Attachment in early life is a fundamental aspect of child development and the establishment of intimate and reciprocal relationships with caregivers. Shaffer & Kipp (2007) define attachment as ‘a close emotional relationship between two persons, characterized by mutual affection and a desire to maintain proximity’. Contrary to the original view of infant attachment as a ‘secondary drive’ of the dependency on caregivers for physiological needs, such as hunger; Bowlby (1969, 1973) proposed that all infants are born with an innate bias to form an attachment to a primary attachment figure to whom they can seek comfort, or a ‘secure base’ during stressful circumstances. It is proposed by Ainsworth (1967) that parental sensitivity is crucial to shaping the security and development of the initial infant-parent attachment relationship, however the phenomenon of attachment requires both infants and caregivers to contribute in the formation of the attachment bond. Ultimately, the quality of attachment in early life shapes both the social and emotional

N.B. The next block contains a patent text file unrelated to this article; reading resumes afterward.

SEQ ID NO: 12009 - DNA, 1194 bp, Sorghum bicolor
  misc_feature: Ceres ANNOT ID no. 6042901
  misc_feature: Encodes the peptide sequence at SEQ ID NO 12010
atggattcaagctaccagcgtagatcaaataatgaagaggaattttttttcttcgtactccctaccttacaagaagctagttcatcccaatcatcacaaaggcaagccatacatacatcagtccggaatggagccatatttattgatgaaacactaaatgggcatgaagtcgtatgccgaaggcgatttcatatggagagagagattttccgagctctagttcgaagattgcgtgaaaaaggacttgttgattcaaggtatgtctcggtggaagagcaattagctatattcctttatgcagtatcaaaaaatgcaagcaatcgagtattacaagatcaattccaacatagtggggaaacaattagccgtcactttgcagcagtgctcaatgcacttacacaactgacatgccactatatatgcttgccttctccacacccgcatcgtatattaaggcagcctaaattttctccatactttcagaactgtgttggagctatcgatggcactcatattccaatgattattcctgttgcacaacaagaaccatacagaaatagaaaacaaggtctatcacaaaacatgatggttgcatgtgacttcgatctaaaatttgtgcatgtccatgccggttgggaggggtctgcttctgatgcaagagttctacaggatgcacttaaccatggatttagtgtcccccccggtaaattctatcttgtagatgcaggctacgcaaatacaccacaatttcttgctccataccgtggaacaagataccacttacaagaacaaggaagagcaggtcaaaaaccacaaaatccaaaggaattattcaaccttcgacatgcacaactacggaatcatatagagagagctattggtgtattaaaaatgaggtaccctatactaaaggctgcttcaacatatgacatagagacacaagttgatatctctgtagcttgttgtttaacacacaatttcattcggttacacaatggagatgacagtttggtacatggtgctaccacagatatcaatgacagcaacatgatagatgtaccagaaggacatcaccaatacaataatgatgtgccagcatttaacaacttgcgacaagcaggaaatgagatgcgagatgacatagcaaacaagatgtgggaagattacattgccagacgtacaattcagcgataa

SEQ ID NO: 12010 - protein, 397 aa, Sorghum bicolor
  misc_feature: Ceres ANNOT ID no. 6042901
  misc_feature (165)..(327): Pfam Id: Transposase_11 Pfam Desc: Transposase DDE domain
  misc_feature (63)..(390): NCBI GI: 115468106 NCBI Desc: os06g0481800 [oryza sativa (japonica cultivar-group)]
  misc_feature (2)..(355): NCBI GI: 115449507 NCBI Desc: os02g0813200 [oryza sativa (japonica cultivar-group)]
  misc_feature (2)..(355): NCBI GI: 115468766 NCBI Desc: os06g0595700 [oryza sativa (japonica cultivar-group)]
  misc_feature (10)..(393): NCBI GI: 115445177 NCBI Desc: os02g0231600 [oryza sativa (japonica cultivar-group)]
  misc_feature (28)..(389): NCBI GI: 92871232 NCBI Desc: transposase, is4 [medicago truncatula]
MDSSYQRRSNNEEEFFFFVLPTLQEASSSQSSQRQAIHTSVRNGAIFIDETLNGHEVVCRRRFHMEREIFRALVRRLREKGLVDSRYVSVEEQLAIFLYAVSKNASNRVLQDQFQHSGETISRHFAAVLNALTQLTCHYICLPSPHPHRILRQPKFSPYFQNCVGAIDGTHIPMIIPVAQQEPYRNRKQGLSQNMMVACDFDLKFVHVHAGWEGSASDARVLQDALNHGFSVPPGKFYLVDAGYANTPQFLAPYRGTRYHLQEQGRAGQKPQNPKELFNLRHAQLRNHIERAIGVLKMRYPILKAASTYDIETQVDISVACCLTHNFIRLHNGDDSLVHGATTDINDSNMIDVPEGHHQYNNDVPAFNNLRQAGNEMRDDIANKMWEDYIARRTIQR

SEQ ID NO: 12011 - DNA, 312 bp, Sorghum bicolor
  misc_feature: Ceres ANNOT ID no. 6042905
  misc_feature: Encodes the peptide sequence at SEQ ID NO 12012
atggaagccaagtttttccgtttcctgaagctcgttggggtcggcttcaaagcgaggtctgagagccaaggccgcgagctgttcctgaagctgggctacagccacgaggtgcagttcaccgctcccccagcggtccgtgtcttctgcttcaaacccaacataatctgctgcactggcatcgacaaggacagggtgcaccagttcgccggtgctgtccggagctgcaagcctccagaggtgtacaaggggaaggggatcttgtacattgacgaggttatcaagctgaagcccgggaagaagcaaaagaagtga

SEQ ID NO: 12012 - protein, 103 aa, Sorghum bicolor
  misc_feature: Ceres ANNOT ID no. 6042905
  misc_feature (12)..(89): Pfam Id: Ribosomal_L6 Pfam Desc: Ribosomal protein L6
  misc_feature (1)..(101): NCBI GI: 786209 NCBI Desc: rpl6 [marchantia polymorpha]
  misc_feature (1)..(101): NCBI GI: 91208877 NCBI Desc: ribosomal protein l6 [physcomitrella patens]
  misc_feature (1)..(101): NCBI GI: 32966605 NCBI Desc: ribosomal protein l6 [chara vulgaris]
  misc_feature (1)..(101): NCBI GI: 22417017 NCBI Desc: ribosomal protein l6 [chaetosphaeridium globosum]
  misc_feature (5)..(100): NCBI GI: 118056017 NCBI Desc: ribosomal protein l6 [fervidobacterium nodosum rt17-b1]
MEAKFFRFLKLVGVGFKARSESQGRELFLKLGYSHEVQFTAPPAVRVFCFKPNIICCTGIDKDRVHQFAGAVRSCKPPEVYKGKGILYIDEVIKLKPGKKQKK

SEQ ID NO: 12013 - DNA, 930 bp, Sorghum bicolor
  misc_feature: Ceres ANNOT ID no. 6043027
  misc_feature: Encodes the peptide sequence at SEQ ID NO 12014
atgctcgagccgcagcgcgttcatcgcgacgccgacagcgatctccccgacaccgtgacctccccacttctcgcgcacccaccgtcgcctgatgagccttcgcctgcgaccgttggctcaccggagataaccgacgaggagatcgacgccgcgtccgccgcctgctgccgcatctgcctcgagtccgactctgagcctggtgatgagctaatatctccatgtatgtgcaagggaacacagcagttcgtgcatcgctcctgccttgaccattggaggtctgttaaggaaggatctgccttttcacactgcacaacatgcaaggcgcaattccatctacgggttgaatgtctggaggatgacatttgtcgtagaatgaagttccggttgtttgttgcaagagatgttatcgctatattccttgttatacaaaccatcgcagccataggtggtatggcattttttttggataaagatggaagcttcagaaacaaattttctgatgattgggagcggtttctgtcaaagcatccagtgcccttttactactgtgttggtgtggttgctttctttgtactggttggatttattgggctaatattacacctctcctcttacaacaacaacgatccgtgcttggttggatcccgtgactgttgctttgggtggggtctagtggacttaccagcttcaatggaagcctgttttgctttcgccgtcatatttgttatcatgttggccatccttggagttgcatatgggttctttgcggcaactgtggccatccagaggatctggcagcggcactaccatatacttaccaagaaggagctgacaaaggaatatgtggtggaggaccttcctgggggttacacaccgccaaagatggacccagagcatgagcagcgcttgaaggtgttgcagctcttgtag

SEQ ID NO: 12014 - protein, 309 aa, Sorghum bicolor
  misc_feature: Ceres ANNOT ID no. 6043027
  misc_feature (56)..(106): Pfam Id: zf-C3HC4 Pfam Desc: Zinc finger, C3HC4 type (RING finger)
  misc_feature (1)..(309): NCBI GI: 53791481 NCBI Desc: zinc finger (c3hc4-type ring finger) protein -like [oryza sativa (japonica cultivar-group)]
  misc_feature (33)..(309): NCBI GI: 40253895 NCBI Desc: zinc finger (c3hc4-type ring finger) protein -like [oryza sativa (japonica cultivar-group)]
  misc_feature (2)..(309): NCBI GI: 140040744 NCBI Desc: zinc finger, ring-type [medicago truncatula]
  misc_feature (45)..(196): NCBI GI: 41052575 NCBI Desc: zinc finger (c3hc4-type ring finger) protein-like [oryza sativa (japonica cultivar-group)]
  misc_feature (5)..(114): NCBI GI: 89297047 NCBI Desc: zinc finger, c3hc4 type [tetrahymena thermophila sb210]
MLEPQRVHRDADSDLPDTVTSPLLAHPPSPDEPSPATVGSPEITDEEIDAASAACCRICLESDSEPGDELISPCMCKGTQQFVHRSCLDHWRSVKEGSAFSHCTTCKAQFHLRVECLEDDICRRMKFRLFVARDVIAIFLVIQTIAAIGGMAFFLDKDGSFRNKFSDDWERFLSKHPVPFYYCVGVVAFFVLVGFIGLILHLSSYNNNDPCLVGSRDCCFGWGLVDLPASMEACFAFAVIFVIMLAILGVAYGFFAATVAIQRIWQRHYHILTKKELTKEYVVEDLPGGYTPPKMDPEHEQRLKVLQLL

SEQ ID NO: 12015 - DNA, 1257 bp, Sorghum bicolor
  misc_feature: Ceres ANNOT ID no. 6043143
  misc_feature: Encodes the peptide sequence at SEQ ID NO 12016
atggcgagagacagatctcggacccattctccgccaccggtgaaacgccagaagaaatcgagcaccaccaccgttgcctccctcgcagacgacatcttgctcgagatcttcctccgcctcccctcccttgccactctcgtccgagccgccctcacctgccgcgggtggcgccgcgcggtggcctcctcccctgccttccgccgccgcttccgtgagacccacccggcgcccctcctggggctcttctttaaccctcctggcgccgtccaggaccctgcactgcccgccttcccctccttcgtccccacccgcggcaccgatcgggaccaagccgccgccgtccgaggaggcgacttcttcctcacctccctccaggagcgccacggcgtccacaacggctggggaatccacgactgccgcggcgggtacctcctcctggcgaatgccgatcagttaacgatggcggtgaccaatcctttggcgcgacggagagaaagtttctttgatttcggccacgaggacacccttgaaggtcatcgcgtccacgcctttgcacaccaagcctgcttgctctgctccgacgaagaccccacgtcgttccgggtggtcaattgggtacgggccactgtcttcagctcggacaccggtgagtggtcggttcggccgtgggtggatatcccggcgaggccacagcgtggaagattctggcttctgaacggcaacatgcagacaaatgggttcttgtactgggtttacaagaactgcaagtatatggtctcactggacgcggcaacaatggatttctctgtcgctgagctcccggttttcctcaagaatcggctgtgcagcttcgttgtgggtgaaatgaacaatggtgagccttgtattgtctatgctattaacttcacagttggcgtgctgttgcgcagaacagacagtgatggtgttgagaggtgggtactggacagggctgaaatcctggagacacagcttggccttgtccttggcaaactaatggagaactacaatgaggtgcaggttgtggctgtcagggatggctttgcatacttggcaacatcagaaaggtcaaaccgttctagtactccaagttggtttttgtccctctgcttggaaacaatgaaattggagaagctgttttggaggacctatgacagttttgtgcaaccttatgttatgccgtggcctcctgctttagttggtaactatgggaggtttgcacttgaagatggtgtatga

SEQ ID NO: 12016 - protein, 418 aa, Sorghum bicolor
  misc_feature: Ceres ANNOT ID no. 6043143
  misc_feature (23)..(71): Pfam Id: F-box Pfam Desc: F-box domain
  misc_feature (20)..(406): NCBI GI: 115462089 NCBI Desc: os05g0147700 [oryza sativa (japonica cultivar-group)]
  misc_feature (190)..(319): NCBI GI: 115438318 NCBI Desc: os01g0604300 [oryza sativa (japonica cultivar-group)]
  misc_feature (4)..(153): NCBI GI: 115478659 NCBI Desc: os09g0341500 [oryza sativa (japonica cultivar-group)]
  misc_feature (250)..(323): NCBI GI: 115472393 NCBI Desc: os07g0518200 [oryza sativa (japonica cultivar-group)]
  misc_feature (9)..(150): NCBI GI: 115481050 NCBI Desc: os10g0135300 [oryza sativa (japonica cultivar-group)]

In relation to the title, children with additional needs may benefit from Early Support; EYPs can help the parents/carers to decide the best route for their child and plan the best support for the child. This leads the parents/carers to not only work in partnership with the EYPs but also with other professionals in order to give their child the best support for them to develop. According to ‘Working Together to Safeguard Children’ , “Providing early help is more effective in promoting the welfare of children than reacting later. Early help means providing support as soon as a problem emerges, at any point in a child’s life, from the foundation years through to the teenage years.” Through working in partnership the EYPs can give the child the best support they need in order to thrive in their learning and